Meet Boris. Though I never imagined these words coming out of my mouth (or from my fingertips), Boris is my grand-cat.
While our nest is not quite empty yet, it is pet-less. Our family cat, Ashes died over a year ago. I still miss her, but I don't miss the cat hair, clawed furniture and door jams, or being awoken at an ungodly hour by meowing and whiskers up the nose. Ashes, too, officially belonged to my eldest daughter, and was always a bit standoffish to the rest of us. She only sought our attention at the most inconvenient times. Our son's dog, Fudge was less trouble, though more needy in the affection department - alas, she is no longer with us either. Both had long, comfortable lives, but missed their best friends horribly when they went off to college.
I had no intention of ever hosting another animal in our home given that at least one of my other children is mildly allergic, but it seems I am more indulgent than expected when it comes to my offspring's' "offspring" - even when they are non-human. (Also, my allergic child still loves cats, so this temporary fix fills the gap.) Boris is a little derpy, whereas both Ashes and Fudge exhibited above average intelligence. But, just as those of you with actual grandchildren often find, the grands are even more precious because you get all of the pleasure without the burden of responsibility:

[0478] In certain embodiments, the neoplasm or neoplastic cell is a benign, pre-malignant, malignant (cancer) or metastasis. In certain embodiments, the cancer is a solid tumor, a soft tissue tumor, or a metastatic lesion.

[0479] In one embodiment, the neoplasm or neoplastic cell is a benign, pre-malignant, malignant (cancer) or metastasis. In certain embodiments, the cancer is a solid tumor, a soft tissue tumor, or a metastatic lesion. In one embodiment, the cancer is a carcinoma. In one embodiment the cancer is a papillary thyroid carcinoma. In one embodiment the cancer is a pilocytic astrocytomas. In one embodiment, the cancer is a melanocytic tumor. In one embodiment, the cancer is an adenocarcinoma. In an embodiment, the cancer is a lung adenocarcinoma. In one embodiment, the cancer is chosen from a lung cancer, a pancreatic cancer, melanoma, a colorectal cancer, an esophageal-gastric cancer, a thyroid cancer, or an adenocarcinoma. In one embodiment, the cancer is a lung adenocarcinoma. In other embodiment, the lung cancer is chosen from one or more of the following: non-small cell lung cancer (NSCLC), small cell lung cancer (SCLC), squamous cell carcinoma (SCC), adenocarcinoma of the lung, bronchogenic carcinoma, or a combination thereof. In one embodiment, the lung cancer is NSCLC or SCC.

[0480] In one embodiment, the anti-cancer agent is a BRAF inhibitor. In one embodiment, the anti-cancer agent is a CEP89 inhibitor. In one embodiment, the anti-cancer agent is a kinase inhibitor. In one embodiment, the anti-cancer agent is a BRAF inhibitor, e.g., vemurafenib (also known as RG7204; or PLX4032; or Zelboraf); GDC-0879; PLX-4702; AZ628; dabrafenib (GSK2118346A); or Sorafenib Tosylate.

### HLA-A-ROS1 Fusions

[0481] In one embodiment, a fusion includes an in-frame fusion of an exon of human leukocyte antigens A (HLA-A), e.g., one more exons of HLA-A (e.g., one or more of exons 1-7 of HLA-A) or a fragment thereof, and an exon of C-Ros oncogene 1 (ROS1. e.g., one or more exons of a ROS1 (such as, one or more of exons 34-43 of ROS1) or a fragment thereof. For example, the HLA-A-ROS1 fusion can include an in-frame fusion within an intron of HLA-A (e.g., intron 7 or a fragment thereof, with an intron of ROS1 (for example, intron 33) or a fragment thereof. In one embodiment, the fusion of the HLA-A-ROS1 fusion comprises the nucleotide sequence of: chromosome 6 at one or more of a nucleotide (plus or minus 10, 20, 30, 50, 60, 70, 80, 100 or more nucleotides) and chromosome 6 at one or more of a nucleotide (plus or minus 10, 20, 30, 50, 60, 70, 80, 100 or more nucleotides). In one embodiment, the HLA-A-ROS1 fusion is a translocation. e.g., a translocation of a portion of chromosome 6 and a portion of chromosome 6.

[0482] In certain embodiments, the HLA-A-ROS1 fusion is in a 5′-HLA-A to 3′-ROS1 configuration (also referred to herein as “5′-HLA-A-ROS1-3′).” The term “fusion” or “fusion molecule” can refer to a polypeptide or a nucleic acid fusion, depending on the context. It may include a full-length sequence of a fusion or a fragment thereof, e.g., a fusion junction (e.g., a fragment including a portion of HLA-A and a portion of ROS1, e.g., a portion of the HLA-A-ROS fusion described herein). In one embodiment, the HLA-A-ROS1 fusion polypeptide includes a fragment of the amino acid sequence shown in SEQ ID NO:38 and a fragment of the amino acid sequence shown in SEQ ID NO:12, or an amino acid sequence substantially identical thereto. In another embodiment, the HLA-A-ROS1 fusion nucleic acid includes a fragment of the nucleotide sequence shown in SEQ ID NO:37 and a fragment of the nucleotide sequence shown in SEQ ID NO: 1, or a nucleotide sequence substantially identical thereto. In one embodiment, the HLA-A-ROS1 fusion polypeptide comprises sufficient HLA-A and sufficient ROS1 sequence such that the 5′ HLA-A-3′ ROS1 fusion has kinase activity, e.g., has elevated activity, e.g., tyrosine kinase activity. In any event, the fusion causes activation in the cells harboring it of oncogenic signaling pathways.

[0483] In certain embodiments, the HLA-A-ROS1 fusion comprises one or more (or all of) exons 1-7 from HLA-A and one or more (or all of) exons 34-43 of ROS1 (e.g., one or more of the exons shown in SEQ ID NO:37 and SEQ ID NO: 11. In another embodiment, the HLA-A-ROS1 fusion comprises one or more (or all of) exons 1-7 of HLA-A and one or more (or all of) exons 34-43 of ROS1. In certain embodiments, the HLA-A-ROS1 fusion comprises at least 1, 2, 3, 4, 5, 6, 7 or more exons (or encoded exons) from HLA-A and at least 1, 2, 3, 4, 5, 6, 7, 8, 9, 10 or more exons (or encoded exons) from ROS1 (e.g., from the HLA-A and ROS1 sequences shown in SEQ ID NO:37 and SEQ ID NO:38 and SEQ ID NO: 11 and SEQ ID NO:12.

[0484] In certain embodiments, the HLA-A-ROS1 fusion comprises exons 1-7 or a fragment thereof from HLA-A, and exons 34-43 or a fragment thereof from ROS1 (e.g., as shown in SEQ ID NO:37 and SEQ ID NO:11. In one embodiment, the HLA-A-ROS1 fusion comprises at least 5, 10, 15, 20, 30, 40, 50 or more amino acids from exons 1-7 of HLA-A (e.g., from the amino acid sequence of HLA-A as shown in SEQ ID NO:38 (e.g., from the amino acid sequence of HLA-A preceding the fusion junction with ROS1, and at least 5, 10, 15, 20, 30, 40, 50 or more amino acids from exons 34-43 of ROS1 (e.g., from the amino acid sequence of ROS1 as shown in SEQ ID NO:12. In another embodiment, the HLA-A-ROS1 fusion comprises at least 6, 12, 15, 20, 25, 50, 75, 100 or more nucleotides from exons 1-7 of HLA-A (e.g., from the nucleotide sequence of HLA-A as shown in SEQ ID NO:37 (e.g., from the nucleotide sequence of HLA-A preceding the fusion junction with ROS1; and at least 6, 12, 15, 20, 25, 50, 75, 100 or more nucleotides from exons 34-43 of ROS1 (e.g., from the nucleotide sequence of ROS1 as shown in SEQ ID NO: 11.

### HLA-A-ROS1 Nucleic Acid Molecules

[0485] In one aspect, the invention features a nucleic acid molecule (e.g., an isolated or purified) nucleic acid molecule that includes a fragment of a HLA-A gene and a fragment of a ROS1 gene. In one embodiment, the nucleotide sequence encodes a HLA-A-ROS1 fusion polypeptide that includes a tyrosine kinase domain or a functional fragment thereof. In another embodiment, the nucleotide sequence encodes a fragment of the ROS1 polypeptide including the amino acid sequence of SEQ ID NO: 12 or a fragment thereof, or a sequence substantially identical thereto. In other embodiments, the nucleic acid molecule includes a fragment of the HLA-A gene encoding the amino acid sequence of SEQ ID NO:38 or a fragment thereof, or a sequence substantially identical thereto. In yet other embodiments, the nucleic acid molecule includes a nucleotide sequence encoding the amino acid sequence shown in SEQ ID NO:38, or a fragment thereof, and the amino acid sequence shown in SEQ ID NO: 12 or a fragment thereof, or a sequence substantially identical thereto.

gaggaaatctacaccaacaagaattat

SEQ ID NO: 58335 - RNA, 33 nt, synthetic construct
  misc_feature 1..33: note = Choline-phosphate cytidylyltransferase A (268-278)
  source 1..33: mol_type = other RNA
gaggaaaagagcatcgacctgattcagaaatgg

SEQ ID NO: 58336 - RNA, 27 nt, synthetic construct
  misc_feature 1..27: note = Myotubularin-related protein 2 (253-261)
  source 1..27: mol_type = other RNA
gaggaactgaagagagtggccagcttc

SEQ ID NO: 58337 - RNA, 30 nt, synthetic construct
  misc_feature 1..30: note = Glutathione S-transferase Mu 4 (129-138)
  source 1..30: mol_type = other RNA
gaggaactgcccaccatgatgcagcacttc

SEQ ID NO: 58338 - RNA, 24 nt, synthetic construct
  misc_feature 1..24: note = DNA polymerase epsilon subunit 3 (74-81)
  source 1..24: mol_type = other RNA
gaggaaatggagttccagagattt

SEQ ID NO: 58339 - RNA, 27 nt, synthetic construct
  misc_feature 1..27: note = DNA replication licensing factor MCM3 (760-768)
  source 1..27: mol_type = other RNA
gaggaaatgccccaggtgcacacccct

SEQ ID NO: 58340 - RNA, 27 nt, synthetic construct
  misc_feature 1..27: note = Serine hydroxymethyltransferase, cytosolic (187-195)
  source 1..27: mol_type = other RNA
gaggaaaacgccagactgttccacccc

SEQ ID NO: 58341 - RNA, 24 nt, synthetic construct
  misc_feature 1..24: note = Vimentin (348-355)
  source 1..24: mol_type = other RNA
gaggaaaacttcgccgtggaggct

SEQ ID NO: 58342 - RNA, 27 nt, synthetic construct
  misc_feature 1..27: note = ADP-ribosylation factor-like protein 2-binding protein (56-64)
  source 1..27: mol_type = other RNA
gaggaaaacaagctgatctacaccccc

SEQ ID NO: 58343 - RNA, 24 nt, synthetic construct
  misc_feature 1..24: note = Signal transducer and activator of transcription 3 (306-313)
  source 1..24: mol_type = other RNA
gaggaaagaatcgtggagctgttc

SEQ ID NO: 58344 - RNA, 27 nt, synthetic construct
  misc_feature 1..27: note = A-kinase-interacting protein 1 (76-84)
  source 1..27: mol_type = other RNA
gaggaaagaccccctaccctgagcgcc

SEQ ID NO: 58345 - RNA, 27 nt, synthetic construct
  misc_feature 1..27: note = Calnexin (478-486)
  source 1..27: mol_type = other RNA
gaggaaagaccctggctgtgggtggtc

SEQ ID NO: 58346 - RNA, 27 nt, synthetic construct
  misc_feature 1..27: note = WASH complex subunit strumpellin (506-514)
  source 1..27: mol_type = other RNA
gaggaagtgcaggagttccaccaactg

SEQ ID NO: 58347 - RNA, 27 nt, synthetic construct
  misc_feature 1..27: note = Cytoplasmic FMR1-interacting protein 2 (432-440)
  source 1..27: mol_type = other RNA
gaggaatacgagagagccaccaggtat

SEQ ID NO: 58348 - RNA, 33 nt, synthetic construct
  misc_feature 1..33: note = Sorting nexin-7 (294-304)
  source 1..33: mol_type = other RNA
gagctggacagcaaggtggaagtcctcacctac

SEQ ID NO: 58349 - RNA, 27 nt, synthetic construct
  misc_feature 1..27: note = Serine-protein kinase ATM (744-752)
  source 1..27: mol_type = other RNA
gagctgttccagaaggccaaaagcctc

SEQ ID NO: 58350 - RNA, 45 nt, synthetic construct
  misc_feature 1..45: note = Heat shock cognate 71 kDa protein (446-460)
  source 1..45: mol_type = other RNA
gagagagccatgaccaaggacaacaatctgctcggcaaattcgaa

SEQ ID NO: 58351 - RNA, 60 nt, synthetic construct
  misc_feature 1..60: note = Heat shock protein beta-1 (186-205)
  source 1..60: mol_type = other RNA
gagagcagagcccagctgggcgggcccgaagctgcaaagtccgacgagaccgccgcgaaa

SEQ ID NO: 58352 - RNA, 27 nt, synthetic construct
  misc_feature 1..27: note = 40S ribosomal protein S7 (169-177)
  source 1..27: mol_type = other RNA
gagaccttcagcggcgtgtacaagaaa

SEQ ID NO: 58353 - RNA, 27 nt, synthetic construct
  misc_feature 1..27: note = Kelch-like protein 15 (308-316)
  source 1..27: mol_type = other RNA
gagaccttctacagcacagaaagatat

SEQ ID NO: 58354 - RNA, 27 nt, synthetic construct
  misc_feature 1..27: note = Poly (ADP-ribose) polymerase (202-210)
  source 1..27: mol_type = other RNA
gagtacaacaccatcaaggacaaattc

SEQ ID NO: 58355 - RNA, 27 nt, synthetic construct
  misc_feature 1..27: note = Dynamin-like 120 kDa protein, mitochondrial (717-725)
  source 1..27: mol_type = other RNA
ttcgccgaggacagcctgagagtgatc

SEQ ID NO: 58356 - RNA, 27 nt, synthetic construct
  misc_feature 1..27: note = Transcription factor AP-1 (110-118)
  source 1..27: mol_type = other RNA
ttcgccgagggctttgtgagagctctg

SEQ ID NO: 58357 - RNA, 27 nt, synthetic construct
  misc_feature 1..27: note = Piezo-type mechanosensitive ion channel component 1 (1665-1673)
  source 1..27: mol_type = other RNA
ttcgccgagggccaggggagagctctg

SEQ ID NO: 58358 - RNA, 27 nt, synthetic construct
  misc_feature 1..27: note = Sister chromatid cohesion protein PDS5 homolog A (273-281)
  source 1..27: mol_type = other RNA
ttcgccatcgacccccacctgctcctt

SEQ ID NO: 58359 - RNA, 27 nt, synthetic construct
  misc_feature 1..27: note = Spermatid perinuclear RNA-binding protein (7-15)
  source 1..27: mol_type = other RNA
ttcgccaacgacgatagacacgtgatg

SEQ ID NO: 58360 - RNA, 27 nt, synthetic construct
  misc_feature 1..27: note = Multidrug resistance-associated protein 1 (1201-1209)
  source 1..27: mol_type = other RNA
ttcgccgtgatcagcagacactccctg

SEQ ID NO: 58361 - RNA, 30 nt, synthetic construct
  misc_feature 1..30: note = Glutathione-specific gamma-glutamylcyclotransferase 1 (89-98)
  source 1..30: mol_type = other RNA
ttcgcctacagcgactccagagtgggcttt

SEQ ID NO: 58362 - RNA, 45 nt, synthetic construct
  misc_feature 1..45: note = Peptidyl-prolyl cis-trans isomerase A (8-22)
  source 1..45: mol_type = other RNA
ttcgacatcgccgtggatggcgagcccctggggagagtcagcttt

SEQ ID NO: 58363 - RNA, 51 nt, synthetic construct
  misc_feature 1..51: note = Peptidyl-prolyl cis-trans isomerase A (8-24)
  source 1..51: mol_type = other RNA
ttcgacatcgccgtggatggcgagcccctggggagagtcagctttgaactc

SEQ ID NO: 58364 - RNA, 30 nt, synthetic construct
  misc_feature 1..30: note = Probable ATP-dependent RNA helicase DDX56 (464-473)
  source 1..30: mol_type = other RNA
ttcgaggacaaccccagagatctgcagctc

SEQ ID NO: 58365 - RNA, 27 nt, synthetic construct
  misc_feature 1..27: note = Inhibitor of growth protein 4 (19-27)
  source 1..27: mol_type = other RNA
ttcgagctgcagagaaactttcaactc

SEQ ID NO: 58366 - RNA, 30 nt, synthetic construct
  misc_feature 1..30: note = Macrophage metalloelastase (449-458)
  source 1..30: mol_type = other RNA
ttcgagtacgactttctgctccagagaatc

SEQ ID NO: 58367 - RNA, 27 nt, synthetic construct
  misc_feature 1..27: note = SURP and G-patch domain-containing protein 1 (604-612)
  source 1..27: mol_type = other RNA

No cleaning up after
Yep, it's pretty much the best having a grand-cat! Boris comes for a visit, and then he leaves. Granted, he has woken me up in the middle of the night with his shenanigans throughout this holiday vacation, but I didn't feel the least bit guilty about giving him a treat and a snuggle, and then passing him off to his mom. There are advantages to being Queen Cat-Grandmother.
(Lest you think I'm spoiling Boris as some kind of payback, here's a picture of his predecessor, Ashes. Why do wreaths make such inviting cat beds?)